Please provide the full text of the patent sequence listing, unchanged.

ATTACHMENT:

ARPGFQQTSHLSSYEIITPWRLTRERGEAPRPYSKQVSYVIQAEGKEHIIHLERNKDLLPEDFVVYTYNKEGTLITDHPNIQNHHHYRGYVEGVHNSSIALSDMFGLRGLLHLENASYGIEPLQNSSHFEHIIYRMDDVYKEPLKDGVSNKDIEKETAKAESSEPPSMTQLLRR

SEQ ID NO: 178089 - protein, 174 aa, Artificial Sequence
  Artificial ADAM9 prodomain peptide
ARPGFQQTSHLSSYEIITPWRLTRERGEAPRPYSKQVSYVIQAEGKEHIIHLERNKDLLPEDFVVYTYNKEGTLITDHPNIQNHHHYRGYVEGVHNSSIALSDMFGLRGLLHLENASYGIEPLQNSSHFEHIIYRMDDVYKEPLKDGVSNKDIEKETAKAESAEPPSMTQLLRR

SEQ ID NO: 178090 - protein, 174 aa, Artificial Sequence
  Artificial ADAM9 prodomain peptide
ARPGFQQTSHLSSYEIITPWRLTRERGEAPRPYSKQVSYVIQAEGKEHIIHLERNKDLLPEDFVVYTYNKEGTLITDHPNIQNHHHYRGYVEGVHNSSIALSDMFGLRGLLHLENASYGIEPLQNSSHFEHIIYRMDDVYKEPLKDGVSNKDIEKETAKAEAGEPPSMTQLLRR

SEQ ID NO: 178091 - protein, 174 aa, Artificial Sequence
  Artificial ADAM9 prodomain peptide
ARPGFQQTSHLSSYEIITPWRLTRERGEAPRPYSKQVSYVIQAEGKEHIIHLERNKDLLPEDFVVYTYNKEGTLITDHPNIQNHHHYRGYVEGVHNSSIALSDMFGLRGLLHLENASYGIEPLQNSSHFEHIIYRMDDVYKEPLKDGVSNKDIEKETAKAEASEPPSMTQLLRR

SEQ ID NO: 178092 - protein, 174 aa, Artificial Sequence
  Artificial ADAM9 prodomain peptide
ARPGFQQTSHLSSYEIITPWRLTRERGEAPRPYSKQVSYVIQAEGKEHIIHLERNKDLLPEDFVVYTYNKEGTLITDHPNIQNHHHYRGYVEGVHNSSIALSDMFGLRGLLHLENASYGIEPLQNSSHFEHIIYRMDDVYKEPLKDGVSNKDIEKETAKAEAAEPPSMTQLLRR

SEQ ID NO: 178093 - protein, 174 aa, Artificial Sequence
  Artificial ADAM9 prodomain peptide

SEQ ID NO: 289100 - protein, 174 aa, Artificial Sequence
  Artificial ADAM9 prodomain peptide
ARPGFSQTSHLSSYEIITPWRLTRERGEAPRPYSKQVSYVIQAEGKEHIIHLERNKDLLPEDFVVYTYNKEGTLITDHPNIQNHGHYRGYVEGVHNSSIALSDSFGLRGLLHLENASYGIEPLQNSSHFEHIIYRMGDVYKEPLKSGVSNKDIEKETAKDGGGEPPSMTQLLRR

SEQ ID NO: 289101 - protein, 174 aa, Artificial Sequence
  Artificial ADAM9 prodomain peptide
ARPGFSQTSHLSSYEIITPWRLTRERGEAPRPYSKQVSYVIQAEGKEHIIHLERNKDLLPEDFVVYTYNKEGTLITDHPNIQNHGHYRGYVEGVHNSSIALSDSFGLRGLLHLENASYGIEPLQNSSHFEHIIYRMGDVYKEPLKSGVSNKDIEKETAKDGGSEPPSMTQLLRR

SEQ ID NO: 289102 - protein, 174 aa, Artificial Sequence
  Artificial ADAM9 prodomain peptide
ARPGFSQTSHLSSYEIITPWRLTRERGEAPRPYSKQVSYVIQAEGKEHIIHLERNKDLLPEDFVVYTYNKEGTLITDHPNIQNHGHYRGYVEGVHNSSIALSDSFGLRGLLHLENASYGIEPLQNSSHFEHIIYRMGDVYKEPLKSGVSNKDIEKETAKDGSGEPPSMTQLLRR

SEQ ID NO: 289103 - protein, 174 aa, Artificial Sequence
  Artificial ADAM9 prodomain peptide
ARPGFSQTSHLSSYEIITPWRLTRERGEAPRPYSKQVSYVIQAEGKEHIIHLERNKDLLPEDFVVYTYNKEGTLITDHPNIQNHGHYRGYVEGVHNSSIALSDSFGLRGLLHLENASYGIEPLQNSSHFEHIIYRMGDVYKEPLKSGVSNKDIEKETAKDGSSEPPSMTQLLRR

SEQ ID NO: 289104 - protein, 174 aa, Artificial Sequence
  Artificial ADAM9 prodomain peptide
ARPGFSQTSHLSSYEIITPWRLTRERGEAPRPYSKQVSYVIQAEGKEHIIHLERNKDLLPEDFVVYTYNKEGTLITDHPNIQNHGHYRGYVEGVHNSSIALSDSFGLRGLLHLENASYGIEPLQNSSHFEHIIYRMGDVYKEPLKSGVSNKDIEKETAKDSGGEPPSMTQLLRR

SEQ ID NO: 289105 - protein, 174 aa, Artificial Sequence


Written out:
ARPGFQQTSHLSSYEIITPWRLTRERGEAPRPYSKQVSYVIQAEGKEHIIHLERNKDLLPEDFVVYTYNKEGTLITDHPNIQNHHHYRGYVEGVHNSSIALSDMFGLRGLLHLENASYGIEPLQNSSHFEHIIYRMDDVYKEPLKDGVSNKDIEKETAKAESSEPPSMTQLLRR

SEQ ID NO: 178089 - protein, 174 aa, Artificial Sequence
  Artificial ADAM9 prodomain peptide
ARPGFQQTSHLSSYEIITPWRLTRERGEAPRPYSKQVSYVIQAEGKEHIIHLERNKDLLPEDFVVYTYNKEGTLITDHPNIQNHHHYRGYVEGVHNSSIALSDMFGLRGLLHLENASYGIEPLQNSSHFEHIIYRMDDVYKEPLKDGVSNKDIEKETAKAESAEPPSMTQLLRR

SEQ ID NO: 178090 - protein, 174 aa, Artificial Sequence
  Artificial ADAM9 prodomain peptide
ARPGFQQTSHLSSYEIITPWRLTRERGEAPRPYSKQVSYVIQAEGKEHIIHLERNKDLLPEDFVVYTYNKEGTLITDHPNIQNHHHYRGYVEGVHNSSIALSDMFGLRGLLHLENASYGIEPLQNSSHFEHIIYRMDDVYKEPLKDGVSNKDIEKETAKAEAGEPPSMTQLLRR

SEQ ID NO: 178091 - protein, 174 aa, Artificial Sequence
  Artificial ADAM9 prodomain peptide
ARPGFQQTSHLSSYEIITPWRLTRERGEAPRPYSKQVSYVIQAEGKEHIIHLERNKDLLPEDFVVYTYNKEGTLITDHPNIQNHHHYRGYVEGVHNSSIALSDMFGLRGLLHLENASYGIEPLQNSSHFEHIIYRMDDVYKEPLKDGVSNKDIEKETAKAEASEPPSMTQLLRR

SEQ ID NO: 178092 - protein, 174 aa, Artificial Sequence
  Artificial ADAM9 prodomain peptide
ARPGFQQTSHLSSYEIITPWRLTRERGEAPRPYSKQVSYVIQAEGKEHIIHLERNKDLLPEDFVVYTYNKEGTLITDHPNIQNHHHYRGYVEGVHNSSIALSDMFGLRGLLHLENASYGIEPLQNSSHFEHIIYRMDDVYKEPLKDGVSNKDIEKETAKAEAAEPPSMTQLLRR

SEQ ID NO: 178093 - protein, 174 aa, Artificial Sequence
  Artificial ADAM9 prodomain peptide

SEQ ID NO: 289100 - protein, 174 aa, Artificial Sequence
  Artificial ADAM9 prodomain peptide
ARPGFSQTSHLSSYEIITPWRLTRERGEAPRPYSKQVSYVIQAEGKEHIIHLERNKDLLPEDFVVYTYNKEGTLITDHPNIQNHGHYRGYVEGVHNSSIALSDSFGLRGLLHLENASYGIEPLQNSSHFEHIIYRMGDVYKEPLKSGVSNKDIEKETAKDGGGEPPSMTQLLRR

SEQ ID NO: 289101 - protein, 174 aa, Artificial Sequence
  Artificial ADAM9 prodomain peptide
ARPGFSQTSHLSSYEIITPWRLTRERGEAPRPYSKQVSYVIQAEGKEHIIHLERNKDLLPEDFVVYTYNKEGTLITDHPNIQNHGHYRGYVEGVHNSSIALSDSFGLRGLLHLENASYGIEPLQNSSHFEHIIYRMGDVYKEPLKSGVSNKDIEKETAKDGGSEPPSMTQLLRR

SEQ ID NO: 289102 - protein, 174 aa, Artificial Sequence
  Artificial ADAM9 prodomain peptide
ARPGFSQTSHLSSYEIITPWRLTRERGEAPRPYSKQVSYVIQAEGKEHIIHLERNKDLLPEDFVVYTYNKEGTLITDHPNIQNHGHYRGYVEGVHNSSIALSDSFGLRGLLHLENASYGIEPLQNSSHFEHIIYRMGDVYKEPLKSGVSNKDIEKETAKDGSGEPPSMTQLLRR

SEQ ID NO: 289103 - protein, 174 aa, Artificial Sequence
  Artificial ADAM9 prodomain peptide
ARPGFSQTSHLSSYEIITPWRLTRERGEAPRPYSKQVSYVIQAEGKEHIIHLERNKDLLPEDFVVYTYNKEGTLITDHPNIQNHGHYRGYVEGVHNSSIALSDSFGLRGLLHLENASYGIEPLQNSSHFEHIIYRMGDVYKEPLKSGVSNKDIEKETAKDGSSEPPSMTQLLRR

SEQ ID NO: 289104 - protein, 174 aa, Artificial Sequence
  Artificial ADAM9 prodomain peptide
ARPGFSQTSHLSSYEIITPWRLTRERGEAPRPYSKQVSYVIQAEGKEHIIHLERNKDLLPEDFVVYTYNKEGTLITDHPNIQNHGHYRGYVEGVHNSSIALSDSFGLRGLLHLENASYGIEPLQNSSHFEHIIYRMGDVYKEPLKSGVSNKDIEKETAKDSGGEPPSMTQLLRR

SEQ ID NO: 289105 - protein, 174 aa, Artificial Sequence